AKP: Ever since "Umbrella," your 2008 hit collaboration single with Epik High, you have had many opportunities to perform on stage alongside the hip-hop group. However, on a recent episode of 'Yoo Hee Yeol's Sketchbook,' you were reunited and able to perform together for the first time in a long while. What was that experience like?
YH: As we’re a group that prepares performances together pretty often, I don’t think there was anything that felt particularly new. We’ve already been friends for about 13 years. Even if we don't rehearse, we don’t restrict each other’s movements. [Laughs] I felt working together was worthwhile because the viewers enjoyed watching it. I’m grateful.
AKP: The ‘END THEORY' album is laid out like a story, with each track on the album labeled like a chapter in a book. Is the order of tracks on the album deliberate? What kind of story do you want the album to tell your fans?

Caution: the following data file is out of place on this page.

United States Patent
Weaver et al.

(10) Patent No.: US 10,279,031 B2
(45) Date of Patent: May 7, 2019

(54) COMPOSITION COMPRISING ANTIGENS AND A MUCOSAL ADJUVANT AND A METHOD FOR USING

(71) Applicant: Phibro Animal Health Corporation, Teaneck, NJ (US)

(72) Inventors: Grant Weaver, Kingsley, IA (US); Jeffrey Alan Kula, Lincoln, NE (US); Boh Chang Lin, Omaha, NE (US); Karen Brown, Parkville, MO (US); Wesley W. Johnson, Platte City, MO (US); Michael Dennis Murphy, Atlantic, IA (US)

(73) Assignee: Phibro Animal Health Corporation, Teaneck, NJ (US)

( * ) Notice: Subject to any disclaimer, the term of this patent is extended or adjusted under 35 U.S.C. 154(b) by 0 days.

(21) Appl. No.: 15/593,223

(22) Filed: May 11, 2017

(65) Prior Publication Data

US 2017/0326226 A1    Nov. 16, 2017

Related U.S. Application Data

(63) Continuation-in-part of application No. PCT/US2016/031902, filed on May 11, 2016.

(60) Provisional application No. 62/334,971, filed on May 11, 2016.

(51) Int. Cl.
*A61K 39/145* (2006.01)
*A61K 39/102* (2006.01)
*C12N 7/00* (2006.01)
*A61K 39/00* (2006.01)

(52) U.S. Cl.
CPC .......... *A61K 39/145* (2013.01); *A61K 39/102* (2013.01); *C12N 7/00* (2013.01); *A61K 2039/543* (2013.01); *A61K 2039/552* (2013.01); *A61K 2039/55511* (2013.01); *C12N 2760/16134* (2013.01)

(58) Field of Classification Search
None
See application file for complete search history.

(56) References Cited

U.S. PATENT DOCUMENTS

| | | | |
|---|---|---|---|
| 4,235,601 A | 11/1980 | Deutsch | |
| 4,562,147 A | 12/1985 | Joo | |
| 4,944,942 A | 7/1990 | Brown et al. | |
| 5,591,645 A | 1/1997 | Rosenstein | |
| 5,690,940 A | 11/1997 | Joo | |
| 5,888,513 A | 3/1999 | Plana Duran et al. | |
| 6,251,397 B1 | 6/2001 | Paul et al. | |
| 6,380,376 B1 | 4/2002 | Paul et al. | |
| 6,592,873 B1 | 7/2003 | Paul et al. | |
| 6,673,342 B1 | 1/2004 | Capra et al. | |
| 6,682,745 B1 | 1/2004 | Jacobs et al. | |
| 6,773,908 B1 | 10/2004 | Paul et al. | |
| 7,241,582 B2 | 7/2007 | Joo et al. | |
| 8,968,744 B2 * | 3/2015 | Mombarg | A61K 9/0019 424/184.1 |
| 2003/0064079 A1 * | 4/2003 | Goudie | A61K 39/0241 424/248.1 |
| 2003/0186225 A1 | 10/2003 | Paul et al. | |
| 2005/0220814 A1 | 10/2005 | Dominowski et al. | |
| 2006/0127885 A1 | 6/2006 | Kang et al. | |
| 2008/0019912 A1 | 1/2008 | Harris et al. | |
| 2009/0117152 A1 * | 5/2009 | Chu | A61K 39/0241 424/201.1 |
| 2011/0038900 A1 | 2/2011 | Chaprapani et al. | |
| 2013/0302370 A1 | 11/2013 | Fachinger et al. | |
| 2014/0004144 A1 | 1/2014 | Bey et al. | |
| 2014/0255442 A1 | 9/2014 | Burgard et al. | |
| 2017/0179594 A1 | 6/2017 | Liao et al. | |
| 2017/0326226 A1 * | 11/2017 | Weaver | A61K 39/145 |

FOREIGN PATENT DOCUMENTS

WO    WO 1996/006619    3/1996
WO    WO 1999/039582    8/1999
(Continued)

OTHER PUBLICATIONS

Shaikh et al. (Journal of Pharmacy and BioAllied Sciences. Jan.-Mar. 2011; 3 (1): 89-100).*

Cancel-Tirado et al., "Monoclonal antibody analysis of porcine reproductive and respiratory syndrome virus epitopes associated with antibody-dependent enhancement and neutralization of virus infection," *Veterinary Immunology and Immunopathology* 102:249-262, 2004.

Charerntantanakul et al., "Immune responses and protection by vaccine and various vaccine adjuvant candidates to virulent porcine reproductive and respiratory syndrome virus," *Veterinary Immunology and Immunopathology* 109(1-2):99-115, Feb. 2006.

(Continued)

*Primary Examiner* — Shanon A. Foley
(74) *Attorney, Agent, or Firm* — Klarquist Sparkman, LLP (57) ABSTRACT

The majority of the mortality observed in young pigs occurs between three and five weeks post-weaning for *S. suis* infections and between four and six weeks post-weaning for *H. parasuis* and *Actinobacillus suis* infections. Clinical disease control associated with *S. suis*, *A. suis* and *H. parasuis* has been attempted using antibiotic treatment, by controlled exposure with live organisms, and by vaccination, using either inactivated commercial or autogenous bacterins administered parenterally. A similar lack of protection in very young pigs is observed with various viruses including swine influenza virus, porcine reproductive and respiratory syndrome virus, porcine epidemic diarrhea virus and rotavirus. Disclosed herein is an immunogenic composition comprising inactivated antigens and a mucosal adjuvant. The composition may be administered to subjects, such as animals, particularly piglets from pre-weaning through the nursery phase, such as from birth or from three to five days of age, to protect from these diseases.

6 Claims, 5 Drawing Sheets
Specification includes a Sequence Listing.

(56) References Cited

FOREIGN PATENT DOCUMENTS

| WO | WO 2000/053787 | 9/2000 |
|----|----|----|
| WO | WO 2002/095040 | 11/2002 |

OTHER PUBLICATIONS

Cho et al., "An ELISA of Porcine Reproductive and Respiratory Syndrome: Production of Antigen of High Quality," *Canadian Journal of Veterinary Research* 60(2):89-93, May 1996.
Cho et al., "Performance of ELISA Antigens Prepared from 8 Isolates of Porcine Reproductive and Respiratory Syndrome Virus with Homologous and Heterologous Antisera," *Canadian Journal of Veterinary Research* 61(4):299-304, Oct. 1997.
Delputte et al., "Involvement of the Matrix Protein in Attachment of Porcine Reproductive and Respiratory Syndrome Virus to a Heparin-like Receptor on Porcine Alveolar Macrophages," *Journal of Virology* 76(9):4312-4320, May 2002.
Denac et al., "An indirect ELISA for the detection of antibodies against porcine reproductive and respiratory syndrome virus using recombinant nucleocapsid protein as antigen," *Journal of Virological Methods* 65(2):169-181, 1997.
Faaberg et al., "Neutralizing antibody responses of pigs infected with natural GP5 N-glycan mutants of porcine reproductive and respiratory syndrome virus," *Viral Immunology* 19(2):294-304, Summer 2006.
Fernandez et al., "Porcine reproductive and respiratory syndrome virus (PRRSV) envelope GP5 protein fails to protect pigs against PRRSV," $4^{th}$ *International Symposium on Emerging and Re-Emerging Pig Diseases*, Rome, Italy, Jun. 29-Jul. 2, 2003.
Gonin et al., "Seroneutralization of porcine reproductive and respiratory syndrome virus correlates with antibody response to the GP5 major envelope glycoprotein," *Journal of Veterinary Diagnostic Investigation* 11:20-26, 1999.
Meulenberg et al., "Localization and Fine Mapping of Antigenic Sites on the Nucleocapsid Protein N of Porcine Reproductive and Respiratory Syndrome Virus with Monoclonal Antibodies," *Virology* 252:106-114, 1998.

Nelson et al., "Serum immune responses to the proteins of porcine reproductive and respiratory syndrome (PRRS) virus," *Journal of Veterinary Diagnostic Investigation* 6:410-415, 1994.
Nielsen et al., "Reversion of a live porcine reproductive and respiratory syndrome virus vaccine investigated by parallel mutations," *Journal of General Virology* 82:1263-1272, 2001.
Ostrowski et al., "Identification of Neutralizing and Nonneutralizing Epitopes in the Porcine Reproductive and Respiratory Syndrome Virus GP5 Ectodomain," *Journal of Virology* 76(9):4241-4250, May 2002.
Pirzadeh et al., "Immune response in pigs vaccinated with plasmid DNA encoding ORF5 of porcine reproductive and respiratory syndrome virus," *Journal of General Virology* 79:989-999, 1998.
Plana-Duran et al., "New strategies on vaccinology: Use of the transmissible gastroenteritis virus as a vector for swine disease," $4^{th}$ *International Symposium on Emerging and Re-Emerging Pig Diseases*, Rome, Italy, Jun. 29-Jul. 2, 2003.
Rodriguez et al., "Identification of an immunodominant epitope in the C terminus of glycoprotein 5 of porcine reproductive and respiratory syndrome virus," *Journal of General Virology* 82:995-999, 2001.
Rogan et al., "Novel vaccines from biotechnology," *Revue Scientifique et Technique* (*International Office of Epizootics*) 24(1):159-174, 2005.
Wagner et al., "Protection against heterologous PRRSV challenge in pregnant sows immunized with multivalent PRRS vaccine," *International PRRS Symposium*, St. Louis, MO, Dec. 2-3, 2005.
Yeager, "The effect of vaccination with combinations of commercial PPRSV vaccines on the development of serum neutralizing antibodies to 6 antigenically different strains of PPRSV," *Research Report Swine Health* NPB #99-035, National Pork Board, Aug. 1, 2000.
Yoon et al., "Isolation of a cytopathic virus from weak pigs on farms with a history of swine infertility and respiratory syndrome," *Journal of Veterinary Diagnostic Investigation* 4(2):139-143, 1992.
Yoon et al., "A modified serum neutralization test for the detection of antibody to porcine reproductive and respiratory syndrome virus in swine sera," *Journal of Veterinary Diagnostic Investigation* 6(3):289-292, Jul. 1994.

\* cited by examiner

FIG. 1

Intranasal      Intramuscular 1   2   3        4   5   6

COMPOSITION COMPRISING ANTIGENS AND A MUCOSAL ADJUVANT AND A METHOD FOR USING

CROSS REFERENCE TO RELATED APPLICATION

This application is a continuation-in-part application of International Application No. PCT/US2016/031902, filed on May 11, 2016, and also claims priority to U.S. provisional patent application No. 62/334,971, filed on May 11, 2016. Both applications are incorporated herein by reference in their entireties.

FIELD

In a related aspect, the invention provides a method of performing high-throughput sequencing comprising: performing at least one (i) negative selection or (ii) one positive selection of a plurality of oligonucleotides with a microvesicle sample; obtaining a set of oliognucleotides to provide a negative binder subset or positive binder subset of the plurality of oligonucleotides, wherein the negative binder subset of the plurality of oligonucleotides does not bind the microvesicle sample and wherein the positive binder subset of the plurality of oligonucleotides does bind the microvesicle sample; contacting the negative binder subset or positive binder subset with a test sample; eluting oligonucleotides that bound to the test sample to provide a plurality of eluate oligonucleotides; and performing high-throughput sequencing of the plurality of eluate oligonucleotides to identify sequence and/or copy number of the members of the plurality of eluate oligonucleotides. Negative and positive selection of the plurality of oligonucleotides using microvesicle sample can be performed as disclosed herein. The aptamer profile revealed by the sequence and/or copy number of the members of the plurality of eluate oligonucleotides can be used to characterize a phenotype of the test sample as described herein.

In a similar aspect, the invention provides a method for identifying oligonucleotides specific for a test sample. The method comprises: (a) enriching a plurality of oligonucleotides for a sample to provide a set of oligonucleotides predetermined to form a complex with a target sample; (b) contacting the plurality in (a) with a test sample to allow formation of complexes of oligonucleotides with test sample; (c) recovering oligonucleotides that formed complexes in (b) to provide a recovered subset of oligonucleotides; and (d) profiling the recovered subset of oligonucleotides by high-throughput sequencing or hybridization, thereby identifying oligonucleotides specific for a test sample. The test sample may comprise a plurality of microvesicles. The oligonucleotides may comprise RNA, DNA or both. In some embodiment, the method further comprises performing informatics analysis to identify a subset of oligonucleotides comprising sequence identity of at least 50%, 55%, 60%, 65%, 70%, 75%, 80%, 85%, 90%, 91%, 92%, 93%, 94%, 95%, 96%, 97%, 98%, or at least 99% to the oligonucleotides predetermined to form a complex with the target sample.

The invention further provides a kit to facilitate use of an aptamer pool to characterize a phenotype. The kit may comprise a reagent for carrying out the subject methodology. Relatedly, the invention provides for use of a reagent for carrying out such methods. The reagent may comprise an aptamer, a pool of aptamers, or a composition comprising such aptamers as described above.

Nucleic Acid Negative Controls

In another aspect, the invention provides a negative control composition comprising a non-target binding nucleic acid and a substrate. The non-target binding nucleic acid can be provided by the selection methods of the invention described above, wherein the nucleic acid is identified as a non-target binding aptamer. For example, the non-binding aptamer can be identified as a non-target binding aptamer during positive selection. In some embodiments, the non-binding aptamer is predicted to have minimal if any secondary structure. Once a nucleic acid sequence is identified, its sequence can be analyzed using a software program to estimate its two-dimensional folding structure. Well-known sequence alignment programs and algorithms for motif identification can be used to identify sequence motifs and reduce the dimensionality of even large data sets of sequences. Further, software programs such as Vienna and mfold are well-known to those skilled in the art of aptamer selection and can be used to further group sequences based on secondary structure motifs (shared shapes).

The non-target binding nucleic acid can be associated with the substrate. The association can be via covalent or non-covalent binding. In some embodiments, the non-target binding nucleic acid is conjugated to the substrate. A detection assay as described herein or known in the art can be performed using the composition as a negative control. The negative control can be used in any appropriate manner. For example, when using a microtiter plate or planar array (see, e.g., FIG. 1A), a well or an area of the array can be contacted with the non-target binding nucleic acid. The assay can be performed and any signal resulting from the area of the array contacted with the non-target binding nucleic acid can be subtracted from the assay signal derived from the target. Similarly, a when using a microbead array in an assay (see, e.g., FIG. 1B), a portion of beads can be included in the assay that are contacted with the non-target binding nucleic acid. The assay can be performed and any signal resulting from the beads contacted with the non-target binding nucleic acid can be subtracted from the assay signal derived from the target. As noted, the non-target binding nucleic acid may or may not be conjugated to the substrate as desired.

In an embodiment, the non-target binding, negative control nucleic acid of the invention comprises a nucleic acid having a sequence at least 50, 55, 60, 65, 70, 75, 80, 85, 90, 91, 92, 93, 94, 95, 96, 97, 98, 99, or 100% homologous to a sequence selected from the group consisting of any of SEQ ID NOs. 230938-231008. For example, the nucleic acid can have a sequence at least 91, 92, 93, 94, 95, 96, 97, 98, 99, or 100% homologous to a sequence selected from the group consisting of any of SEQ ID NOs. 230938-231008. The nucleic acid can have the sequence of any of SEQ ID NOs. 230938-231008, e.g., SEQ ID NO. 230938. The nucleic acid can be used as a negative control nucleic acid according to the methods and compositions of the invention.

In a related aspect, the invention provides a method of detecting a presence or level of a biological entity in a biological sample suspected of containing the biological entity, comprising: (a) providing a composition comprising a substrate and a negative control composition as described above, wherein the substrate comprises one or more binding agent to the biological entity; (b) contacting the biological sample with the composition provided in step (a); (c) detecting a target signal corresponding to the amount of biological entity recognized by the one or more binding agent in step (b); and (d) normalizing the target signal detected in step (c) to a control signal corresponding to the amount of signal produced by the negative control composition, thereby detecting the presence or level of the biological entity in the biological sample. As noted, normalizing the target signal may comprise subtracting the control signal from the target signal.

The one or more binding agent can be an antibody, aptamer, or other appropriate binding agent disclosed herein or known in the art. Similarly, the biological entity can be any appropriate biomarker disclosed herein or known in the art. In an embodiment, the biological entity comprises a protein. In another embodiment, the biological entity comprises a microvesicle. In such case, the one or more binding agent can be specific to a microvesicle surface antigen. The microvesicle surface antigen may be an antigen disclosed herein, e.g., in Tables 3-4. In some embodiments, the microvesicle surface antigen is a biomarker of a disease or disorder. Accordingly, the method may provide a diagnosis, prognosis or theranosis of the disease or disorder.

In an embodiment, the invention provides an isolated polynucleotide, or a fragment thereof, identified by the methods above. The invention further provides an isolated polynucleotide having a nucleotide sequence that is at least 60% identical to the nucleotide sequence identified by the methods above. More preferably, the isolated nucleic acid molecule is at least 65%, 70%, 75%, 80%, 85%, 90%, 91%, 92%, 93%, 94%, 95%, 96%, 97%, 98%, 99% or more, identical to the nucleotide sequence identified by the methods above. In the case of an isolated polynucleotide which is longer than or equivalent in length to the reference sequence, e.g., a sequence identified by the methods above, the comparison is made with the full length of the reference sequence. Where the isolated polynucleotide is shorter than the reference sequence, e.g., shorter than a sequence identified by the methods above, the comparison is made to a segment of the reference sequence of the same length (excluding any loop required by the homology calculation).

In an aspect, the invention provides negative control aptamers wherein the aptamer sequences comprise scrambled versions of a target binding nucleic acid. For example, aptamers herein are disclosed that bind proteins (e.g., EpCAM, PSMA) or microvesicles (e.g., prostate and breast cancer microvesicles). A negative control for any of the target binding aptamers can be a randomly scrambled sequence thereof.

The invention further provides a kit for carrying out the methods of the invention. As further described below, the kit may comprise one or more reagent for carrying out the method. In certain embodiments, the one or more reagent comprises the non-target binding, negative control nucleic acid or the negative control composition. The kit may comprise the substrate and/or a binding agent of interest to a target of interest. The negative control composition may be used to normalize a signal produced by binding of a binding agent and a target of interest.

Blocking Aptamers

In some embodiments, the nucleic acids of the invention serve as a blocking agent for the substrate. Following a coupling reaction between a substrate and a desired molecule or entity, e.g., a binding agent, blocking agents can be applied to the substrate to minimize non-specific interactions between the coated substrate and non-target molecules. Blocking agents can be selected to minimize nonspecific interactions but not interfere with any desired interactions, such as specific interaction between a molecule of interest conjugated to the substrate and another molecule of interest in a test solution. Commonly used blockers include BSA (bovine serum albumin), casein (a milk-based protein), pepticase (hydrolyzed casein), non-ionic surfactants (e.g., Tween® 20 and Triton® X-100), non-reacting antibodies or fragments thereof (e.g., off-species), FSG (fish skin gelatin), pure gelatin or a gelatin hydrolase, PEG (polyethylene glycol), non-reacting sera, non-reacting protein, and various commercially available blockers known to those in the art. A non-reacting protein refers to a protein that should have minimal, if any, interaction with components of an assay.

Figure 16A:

YH: I wanted to try expressing the thoughts and feelings I’ve been building up regarding ‘the end’ in a well-structured way. There were even more songs, not just the 11 [on the album], but I removed the songs I wasn’t satisfied with and dropped ones that didn’t fit with the rest of the tracklist. The songs should not feel similar, and the flow shouldn’t get boring.
Everyone is having a difficult time during this pandemic. I think it’d be good if this album became a 40-minute breather that helped listeners dream of a new beginning. The end isn’t necessarily bad, and even if it is a bad thing, you need to overcome it and move on.
AKP: ‘END THEORY' comes roughly four years after the release of your previous album 'RescuE' in 2017. How does it feel to be returning with a new full-length album after all this time? Also, how long did this album take to create from start to finish?